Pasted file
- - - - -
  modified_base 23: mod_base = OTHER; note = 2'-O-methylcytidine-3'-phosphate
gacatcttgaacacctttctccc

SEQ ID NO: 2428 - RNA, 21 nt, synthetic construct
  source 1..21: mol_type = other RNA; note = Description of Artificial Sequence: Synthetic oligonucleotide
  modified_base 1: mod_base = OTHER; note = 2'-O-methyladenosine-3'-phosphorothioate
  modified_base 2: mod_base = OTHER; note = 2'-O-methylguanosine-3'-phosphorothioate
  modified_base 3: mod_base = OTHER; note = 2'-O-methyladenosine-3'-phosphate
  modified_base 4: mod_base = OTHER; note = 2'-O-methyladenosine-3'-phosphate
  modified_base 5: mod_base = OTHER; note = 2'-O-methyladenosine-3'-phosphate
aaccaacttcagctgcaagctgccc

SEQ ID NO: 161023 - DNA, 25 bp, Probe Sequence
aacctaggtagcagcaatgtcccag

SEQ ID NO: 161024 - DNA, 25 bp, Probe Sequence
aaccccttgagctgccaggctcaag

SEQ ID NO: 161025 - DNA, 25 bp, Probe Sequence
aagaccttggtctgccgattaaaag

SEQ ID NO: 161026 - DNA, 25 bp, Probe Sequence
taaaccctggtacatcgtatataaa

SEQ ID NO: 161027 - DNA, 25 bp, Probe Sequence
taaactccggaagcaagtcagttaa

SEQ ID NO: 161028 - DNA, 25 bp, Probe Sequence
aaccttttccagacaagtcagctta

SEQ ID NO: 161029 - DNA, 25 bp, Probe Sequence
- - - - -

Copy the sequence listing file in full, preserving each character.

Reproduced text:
  modified_base 23: mod_base = OTHER; note = 2'-O-methylcytidine-3'-phosphate
gacatcttgaacacctttctccc

SEQ ID NO: 2428 - RNA, 21 nt, synthetic construct
  source 1..21: mol_type = other RNA; note = Description of Artificial Sequence: Synthetic oligonucleotide
  modified_base 1: mod_base = OTHER; note = 2'-O-methyladenosine-3'-phosphorothioate
  modified_base 2: mod_base = OTHER; note = 2'-O-methylguanosine-3'-phosphorothioate
  modified_base 3: mod_base = OTHER; note = 2'-O-methyladenosine-3'-phosphate
  modified_base 4: mod_base = OTHER; note = 2'-O-methyladenosine-3'-phosphate
  modified_base 5: mod_base = OTHER; note = 2'-O-methyladenosine-3'-phosphate
aaccaacttcagctgcaagctgccc

SEQ ID NO: 161023 - DNA, 25 bp, Probe Sequence
aacctaggtagcagcaatgtcccag

SEQ ID NO: 161024 - DNA, 25 bp, Probe Sequence
aaccccttgagctgccaggctcaag

SEQ ID NO: 161025 - DNA, 25 bp, Probe Sequence
aagaccttggtctgccgattaaaag

SEQ ID NO: 161026 - DNA, 25 bp, Probe Sequence
taaaccctggtacatcgtatataaa

SEQ ID NO: 161027 - DNA, 25 bp, Probe Sequence
taaactccggaagcaagtcagttaa

SEQ ID NO: 161028 - DNA, 25 bp, Probe Sequence
aaccttttccagacaagtcagctta

SEQ ID NO: 161029 - DNA, 25 bp, Probe Sequence